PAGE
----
In the sixth episode of Dry Eye Fireside Chat
, Damon Dierker, OD, FAAO, and Laura M. Periman, MD, sit around the fire to discuss misinformation surrounding cosmetics and ocular health as well as steps that can be taken to debunk these myths.
Harmful cosmetic ingredients to the ocular surface
Due to the widespread use of cosmetics around the eyes, some common ocular health-related practices have become relatively well-known. Dr. Dierker says that it is best to avoid the waterline, remove makeup before sleeping, and be careful with eyelash extensions and serums.
However, there exists a significant amount of misinformation regarding cosmetics and ocular health
. Although it can sometimes be tricky to provide guidance on proper cosmetic use while avoiding misinformation, the inaccuracies surrounding cosmetics can be combated by independently looking at unbiased scientific research and evidence.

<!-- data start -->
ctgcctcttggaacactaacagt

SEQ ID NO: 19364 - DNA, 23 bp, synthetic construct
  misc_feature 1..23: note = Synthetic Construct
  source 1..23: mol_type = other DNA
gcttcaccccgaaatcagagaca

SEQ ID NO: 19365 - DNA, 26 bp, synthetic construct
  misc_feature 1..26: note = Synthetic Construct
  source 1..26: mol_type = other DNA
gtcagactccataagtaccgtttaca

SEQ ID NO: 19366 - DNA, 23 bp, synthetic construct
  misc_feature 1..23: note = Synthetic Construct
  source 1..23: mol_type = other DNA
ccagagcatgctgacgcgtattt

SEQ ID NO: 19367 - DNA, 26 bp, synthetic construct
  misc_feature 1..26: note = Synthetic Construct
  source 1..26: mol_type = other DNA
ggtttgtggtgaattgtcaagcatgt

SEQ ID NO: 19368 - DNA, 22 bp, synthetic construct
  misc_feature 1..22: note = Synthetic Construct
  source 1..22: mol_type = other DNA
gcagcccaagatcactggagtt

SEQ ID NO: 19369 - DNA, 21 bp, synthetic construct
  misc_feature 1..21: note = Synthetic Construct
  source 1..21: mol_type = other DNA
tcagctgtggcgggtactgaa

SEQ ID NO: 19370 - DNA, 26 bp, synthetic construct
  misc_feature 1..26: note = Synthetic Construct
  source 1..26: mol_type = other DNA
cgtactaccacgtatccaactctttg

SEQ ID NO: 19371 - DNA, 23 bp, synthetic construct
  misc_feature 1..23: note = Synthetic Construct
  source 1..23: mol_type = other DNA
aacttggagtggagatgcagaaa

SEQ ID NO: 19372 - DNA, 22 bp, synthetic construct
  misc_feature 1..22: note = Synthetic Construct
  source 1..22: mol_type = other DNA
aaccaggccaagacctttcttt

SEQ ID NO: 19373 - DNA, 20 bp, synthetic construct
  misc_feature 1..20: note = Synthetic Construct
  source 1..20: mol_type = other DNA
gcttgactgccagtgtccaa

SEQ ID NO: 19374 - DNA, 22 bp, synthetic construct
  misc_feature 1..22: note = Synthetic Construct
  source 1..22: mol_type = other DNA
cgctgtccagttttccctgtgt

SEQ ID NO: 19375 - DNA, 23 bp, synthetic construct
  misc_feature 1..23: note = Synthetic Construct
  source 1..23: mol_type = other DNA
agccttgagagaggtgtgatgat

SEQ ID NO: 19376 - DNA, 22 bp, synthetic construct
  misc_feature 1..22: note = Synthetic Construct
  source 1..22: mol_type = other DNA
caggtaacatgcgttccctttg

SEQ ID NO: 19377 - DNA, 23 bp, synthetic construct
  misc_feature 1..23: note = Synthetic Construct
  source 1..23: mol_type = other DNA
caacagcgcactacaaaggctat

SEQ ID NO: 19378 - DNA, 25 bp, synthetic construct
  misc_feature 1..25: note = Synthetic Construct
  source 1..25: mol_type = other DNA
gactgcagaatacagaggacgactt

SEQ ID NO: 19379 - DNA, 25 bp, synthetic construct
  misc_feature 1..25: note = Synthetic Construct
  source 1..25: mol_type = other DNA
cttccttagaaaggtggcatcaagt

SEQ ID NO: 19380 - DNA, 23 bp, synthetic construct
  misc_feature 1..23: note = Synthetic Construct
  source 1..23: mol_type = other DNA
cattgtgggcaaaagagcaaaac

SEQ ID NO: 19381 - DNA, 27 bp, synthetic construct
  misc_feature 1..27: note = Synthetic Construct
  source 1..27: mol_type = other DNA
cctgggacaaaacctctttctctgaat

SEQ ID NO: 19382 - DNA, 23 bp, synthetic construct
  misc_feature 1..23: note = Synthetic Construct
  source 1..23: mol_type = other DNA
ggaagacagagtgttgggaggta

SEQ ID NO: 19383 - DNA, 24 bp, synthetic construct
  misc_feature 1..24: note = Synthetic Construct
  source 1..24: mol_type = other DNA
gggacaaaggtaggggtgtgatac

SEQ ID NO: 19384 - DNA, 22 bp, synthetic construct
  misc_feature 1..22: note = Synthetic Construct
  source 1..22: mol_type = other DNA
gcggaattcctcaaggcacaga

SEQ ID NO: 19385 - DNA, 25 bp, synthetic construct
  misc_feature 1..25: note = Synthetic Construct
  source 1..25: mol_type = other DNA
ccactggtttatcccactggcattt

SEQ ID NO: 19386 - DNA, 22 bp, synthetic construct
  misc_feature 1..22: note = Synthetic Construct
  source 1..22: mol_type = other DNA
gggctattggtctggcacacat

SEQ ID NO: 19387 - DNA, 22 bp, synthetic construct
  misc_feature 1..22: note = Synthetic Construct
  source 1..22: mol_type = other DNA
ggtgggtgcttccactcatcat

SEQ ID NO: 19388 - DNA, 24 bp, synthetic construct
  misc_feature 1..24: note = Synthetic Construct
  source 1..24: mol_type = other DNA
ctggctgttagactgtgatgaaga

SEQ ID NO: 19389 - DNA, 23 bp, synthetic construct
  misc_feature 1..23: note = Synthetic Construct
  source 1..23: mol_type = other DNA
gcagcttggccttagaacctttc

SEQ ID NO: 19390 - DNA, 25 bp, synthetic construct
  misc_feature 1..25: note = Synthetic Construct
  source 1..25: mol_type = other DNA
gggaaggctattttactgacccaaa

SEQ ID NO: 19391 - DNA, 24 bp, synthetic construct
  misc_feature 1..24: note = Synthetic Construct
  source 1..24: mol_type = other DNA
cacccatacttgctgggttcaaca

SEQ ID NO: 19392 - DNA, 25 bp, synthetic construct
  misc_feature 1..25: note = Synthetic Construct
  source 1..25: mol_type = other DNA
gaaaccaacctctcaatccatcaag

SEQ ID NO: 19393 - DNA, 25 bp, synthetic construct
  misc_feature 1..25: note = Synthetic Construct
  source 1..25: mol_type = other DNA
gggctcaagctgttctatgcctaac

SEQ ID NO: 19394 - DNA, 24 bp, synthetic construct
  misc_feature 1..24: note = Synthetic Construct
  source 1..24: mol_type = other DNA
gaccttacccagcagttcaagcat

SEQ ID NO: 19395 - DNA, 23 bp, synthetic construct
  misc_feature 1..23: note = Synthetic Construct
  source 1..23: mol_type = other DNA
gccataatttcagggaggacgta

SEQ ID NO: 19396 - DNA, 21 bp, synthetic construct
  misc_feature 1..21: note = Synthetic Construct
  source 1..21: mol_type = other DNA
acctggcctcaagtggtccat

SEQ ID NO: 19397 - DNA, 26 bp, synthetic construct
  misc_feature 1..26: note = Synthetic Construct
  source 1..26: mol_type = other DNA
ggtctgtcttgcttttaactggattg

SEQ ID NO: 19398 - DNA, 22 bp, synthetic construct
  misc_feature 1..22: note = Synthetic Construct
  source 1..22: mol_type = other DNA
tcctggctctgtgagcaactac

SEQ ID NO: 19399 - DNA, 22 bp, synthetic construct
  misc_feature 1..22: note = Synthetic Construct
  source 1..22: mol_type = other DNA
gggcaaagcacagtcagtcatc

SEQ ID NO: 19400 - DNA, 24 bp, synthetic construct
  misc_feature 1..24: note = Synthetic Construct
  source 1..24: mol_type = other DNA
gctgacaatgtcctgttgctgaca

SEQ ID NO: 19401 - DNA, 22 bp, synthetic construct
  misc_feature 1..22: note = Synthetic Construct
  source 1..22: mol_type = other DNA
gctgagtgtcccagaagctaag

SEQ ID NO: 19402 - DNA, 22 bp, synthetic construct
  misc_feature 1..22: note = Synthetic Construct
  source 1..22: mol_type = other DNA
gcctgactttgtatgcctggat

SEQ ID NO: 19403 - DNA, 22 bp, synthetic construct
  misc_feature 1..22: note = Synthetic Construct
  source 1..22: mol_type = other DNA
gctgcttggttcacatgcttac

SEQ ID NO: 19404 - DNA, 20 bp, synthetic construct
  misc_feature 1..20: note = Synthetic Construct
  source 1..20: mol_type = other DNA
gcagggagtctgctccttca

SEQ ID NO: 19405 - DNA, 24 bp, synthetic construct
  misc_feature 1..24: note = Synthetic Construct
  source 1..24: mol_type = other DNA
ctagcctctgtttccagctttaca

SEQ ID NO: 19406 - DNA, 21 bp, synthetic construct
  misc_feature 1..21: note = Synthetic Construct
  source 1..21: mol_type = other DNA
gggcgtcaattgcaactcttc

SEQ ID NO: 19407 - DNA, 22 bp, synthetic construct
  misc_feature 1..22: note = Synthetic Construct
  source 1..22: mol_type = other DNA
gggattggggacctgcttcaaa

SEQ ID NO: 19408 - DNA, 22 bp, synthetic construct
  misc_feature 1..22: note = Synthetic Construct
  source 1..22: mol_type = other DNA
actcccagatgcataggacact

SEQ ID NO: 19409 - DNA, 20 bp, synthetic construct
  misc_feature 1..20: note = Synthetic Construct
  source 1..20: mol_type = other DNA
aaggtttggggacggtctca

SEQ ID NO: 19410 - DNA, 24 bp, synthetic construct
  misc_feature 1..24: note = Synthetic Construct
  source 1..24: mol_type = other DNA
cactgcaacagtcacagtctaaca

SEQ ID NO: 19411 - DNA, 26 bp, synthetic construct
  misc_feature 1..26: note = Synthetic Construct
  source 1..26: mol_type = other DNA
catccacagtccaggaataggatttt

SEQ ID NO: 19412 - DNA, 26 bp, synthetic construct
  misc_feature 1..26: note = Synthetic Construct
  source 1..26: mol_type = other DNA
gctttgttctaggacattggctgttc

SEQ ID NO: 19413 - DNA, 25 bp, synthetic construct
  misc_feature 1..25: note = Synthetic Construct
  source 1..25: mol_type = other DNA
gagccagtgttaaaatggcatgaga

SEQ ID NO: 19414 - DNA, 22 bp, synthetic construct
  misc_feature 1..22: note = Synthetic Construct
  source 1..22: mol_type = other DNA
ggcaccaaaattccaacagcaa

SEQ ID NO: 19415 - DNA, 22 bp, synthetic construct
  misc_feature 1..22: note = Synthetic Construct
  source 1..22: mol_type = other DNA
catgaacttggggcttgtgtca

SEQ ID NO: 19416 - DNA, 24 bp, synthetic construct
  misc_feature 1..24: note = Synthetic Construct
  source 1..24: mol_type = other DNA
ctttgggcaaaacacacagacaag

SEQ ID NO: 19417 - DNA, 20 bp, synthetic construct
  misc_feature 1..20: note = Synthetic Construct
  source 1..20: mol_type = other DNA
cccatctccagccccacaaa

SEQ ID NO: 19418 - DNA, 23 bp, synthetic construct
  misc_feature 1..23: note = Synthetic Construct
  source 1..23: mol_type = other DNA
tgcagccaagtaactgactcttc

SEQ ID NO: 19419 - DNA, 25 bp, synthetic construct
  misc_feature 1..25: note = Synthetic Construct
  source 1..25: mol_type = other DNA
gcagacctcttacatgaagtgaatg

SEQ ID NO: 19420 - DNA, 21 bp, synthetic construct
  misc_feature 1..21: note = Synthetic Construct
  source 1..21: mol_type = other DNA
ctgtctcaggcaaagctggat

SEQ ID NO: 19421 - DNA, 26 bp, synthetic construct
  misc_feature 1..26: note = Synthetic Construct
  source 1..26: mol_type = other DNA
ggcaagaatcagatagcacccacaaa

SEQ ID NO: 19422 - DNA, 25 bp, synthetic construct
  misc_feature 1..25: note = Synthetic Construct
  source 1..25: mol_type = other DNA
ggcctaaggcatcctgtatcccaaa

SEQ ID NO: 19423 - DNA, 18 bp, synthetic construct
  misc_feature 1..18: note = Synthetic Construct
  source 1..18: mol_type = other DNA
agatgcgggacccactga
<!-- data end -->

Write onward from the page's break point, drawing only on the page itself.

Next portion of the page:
Recognizing research-backed harmful ingredients
According to Dr. Periman, identifying a few key ingredients that have been demonstrated as detrimental by extensive research is a good place to start.
Prostaglandin analogs (PGAs) are commonly used for eyelash growth, but are associated with the following side effects:1
These negative side effects may inadvertently cause users to develop a more aged appearance in the pursuit of appearing more youthful, especially when using unregulated products.
Being leary of over-the-counter eyelash serums
Even ingredient labels may contain misleading information for consumers. Roughly ⅓ of over-the-counter (OTC) eyelash serums contain adulterated PGAs, and some have even been caught omitting PGAs from their ingredient lists.2,3
Unlike FDA-approved products, such as Latisse